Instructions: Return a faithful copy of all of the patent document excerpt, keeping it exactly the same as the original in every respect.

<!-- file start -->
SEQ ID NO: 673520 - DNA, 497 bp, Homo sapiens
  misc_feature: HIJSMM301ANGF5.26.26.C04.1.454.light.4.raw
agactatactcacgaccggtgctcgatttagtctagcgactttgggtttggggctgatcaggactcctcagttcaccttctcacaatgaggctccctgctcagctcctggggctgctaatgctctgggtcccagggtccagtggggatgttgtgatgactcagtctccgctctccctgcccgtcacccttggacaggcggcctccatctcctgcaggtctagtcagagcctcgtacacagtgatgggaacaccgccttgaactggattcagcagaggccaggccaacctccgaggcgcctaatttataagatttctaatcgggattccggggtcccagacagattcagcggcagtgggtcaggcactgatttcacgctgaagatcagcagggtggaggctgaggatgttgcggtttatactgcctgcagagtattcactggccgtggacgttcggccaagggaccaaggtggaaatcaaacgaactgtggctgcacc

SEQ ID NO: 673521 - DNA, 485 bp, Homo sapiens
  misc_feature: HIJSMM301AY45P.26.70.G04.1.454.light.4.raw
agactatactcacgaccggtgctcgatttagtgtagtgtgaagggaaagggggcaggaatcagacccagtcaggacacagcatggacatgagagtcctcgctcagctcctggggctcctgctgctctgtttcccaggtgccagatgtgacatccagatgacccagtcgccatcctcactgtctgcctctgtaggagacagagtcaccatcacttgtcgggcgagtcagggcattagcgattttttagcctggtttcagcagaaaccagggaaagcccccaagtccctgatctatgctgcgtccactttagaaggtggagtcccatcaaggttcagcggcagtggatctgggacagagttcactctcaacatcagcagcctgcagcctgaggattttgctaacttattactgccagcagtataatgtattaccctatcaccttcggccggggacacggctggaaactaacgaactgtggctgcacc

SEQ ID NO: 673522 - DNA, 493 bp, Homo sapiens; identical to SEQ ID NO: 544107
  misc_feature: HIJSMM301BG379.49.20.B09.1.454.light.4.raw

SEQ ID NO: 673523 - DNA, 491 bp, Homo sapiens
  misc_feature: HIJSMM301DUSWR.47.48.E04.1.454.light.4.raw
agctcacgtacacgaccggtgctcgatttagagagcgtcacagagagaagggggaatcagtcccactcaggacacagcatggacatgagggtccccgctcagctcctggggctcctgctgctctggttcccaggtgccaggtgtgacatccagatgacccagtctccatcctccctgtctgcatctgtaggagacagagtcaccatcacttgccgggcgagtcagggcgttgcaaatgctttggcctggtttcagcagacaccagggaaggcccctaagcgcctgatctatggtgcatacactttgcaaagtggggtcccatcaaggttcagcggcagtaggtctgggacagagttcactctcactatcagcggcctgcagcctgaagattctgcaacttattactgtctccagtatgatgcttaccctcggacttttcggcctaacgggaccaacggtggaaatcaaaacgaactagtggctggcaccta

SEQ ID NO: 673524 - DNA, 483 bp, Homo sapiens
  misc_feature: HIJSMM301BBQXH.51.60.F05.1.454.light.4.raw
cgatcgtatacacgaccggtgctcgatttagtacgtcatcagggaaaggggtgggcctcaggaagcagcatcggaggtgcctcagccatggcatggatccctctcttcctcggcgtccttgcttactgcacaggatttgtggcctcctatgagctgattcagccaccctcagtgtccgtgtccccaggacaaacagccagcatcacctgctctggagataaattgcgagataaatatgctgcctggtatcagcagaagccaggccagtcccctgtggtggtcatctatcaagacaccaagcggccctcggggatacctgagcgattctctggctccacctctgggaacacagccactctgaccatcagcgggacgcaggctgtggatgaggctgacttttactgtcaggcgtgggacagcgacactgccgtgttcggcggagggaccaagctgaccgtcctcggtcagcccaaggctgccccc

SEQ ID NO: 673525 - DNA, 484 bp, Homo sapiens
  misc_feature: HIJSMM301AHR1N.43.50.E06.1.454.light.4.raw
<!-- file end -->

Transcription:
SEQ ID NO: 673520 - DNA, 497 bp, Homo sapiens
  misc_feature: HIJSMM301ANGF5.26.26.C04.1.454.light.4.raw
agactatactcacgaccggtgctcgatttagtctagcgactttgggtttggggctgatcaggactcctcagttcaccttctcacaatgaggctccctgctcagctcctggggctgctaatgctctgggtcccagggtccagtggggatgttgtgatgactcagtctccgctctccctgcccgtcacccttggacaggcggcctccatctcctgcaggtctagtcagagcctcgtacacagtgatgggaacaccgccttgaactggattcagcagaggccaggccaacctccgaggcgcctaatttataagatttctaatcgggattccggggtcccagacagattcagcggcagtgggtcaggcactgatttcacgctgaagatcagcagggtggaggctgaggatgttgcggtttatactgcctgcagagtattcactggccgtggacgttcggccaagggaccaaggtggaaatcaaacgaactgtggctgcacc

SEQ ID NO: 673521 - DNA, 485 bp, Homo sapiens
  misc_feature: HIJSMM301AY45P.26.70.G04.1.454.light.4.raw
agactatactcacgaccggtgctcgatttagtgtagtgtgaagggaaagggggcaggaatcagacccagtcaggacacagcatggacatgagagtcctcgctcagctcctggggctcctgctgctctgtttcccaggtgccagatgtgacatccagatgacccagtcgccatcctcactgtctgcctctgtaggagacagagtcaccatcacttgtcgggcgagtcagggcattagcgattttttagcctggtttcagcagaaaccagggaaagcccccaagtccctgatctatgctgcgtccactttagaaggtggagtcccatcaaggttcagcggcagtggatctgggacagagttcactctcaacatcagcagcctgcagcctgaggattttgctaacttattactgccagcagtataatgtattaccctatcaccttcggccggggacacggctggaaactaacgaactgtggctgcacc

SEQ ID NO: 673522 - DNA, 493 bp, Homo sapiens; identical to SEQ ID NO: 544107
  misc_feature: HIJSMM301BG379.49.20.B09.1.454.light.4.raw

SEQ ID NO: 673523 - DNA, 491 bp, Homo sapiens
  misc_feature: HIJSMM301DUSWR.47.48.E04.1.454.light.4.raw
agctcacgtacacgaccggtgctcgatttagagagcgtcacagagagaagggggaatcagtcccactcaggacacagcatggacatgagggtccccgctcagctcctggggctcctgctgctctggttcccaggtgccaggtgtgacatccagatgacccagtctccatcctccctgtctgcatctgtaggagacagagtcaccatcacttgccgggcgagtcagggcgttgcaaatgctttggcctggtttcagcagacaccagggaaggcccctaagcgcctgatctatggtgcatacactttgcaaagtggggtcccatcaaggttcagcggcagtaggtctgggacagagttcactctcactatcagcggcctgcagcctgaagattctgcaacttattactgtctccagtatgatgcttaccctcggacttttcggcctaacgggaccaacggtggaaatcaaaacgaactagtggctggcaccta

SEQ ID NO: 673524 - DNA, 483 bp, Homo sapiens
  misc_feature: HIJSMM301BBQXH.51.60.F05.1.454.light.4.raw
cgatcgtatacacgaccggtgctcgatttagtacgtcatcagggaaaggggtgggcctcaggaagcagcatcggaggtgcctcagccatggcatggatccctctcttcctcggcgtccttgcttactgcacaggatttgtggcctcctatgagctgattcagccaccctcagtgtccgtgtccccaggacaaacagccagcatcacctgctctggagataaattgcgagataaatatgctgcctggtatcagcagaagccaggccagtcccctgtggtggtcatctatcaagacaccaagcggccctcggggatacctgagcgattctctggctccacctctgggaacacagccactctgaccatcagcgggacgcaggctgtggatgaggctgacttttactgtcaggcgtgggacagcgacactgccgtgttcggcggagggaccaagctgaccgtcctcggtcagcccaaggctgccccc

SEQ ID NO: 673525 - DNA, 484 bp, Homo sapiens
  misc_feature: HIJSMM301AHR1N.43.50.E06.1.454.light.4.raw